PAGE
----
The aggregate funded ratio for US corporate pension plans rose 3.8 percentage points to 88.4% in January, and gained 6.4 percentage points over the trailing 12 months, according to Wilshire Consulting.
The change in funding during the month was a result of liabilities decreasing 2.2%, while asset values increased 2.0%.
“January’s month-end funded ratio is the highest in over four years since December 2013 when the funded ratio was 88.9%,” said Ned McGuire, managing director of Wilshire Associates. “January’s increase in funding was driven by a decline in liability values caused by the significant rise in Treasury yields, and an increase in asset values fueled by strong performance in global equities.”
Wilshire’s figures represent an estimate of the combined assets and liabilities of corporate pension plans sponsored by S&P 500 companies. The funded ratio is based on the CPLI – Intermediate liability, with service cost, benefit payments, and contributions in-line with Wilshire’s 2017 corporate funding study. Barclays Long Aa+ U.S. Corporate Index is used to estimate the most current month-end liability growth.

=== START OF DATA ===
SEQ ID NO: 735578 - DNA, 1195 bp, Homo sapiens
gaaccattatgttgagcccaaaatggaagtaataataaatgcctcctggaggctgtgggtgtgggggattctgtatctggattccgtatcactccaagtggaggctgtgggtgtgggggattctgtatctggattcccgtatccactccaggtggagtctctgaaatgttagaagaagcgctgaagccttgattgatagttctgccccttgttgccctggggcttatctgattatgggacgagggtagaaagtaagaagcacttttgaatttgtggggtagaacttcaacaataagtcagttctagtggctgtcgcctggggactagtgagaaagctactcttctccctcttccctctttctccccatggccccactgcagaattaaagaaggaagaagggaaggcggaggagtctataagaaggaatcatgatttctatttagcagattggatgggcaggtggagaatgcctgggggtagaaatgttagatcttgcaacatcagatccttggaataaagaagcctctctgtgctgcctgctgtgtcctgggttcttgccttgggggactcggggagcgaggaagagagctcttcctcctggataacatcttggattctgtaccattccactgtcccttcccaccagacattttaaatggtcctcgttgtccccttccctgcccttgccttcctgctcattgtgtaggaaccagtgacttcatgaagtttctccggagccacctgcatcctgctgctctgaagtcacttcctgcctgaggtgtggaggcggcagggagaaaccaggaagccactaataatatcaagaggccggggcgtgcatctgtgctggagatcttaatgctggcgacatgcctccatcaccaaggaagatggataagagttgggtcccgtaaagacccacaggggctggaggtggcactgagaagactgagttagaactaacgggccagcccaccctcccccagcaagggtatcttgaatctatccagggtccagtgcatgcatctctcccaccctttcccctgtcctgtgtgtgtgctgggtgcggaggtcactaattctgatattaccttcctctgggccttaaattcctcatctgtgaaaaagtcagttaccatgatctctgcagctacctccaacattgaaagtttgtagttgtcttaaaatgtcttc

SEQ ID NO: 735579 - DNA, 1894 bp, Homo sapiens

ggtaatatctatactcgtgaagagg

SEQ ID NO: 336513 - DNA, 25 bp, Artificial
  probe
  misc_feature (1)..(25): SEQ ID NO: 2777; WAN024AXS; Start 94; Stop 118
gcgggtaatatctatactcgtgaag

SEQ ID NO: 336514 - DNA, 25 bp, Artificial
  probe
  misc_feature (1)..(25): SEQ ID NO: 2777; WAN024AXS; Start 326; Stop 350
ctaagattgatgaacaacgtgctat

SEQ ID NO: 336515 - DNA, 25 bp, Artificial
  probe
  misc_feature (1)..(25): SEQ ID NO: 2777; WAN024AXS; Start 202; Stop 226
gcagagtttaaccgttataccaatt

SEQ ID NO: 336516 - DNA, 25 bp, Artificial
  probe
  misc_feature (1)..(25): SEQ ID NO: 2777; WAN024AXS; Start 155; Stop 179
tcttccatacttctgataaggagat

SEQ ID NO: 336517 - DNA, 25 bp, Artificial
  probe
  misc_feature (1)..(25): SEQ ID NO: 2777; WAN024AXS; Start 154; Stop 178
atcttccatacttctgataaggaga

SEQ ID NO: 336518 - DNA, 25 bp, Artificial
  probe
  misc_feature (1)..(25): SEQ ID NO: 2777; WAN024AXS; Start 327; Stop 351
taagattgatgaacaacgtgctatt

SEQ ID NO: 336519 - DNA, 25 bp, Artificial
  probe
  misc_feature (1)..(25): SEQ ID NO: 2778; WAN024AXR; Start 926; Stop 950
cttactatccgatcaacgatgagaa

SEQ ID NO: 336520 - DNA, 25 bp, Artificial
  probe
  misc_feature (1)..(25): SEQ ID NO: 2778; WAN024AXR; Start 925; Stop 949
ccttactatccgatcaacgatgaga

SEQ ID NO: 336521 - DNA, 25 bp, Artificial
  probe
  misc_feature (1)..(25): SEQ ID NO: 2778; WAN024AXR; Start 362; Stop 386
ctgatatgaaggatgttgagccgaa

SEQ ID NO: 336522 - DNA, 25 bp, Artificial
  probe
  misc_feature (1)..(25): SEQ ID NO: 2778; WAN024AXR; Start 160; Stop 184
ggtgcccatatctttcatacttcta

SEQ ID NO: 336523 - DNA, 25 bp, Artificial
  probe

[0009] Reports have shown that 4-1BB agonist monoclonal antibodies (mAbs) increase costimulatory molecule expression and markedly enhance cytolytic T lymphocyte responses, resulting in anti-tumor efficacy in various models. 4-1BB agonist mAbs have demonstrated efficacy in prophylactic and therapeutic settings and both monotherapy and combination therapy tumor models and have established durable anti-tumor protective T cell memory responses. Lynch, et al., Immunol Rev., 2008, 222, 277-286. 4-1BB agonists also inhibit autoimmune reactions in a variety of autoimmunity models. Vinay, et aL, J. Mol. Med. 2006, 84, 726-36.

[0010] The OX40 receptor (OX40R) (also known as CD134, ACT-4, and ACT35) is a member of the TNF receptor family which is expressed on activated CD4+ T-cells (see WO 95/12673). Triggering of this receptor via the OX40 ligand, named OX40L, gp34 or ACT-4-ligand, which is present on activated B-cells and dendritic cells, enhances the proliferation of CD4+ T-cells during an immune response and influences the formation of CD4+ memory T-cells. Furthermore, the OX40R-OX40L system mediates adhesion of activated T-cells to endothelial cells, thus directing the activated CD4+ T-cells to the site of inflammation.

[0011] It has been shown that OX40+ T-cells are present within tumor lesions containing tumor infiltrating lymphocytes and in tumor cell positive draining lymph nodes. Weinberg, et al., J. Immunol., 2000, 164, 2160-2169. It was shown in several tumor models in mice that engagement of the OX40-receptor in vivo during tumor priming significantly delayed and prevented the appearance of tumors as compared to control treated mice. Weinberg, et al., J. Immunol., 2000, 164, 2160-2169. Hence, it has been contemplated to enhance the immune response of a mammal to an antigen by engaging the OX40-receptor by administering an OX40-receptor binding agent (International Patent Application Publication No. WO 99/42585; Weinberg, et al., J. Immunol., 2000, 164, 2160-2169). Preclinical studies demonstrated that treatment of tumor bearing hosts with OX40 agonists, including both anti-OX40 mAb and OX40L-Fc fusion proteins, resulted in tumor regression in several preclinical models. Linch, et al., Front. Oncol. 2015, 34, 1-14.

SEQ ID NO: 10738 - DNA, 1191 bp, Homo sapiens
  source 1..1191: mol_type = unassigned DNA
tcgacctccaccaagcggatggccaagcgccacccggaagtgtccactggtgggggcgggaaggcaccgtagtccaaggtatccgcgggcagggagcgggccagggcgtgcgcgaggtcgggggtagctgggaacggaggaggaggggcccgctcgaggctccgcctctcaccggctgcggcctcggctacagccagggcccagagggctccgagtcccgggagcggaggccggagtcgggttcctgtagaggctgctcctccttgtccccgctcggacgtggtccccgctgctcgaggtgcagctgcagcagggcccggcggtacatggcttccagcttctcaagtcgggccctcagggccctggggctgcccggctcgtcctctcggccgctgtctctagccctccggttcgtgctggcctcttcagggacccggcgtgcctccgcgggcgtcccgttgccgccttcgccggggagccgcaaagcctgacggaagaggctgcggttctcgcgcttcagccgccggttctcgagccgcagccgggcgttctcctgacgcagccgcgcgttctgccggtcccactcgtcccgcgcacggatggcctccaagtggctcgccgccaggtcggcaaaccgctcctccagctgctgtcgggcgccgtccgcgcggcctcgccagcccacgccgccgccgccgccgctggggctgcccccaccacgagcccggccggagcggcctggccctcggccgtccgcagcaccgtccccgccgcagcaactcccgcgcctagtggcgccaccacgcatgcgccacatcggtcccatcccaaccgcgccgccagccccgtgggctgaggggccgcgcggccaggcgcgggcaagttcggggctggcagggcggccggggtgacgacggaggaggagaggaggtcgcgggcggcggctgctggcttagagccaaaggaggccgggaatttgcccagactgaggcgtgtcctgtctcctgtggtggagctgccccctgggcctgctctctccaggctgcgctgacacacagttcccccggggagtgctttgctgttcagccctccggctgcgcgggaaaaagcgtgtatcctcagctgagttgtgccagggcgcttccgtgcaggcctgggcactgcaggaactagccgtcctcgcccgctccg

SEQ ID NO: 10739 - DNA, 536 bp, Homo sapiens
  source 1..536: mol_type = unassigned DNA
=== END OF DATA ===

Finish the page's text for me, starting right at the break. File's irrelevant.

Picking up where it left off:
Wilshire also reported that assets tracked by its Wilshire Trust Universe Comparison Service had a median return of 3.59% for all plan types in the fourth quarter of 2017. The service also reported a median one-year gain of 14.72%, which is more than twice the 7.24% reported at the end of the previous year.
“This quarter marked the ninth consecutive positive quarter, the longest string of positive quarterly returns for all plan types since June 1998,” said Robert Waid, managing director, Wilshire Associates. “This was the best one-year return since the year ending June 30, 2014, ended with 15.51%, and fourth consecutive quarter to post an annual return above 10%.”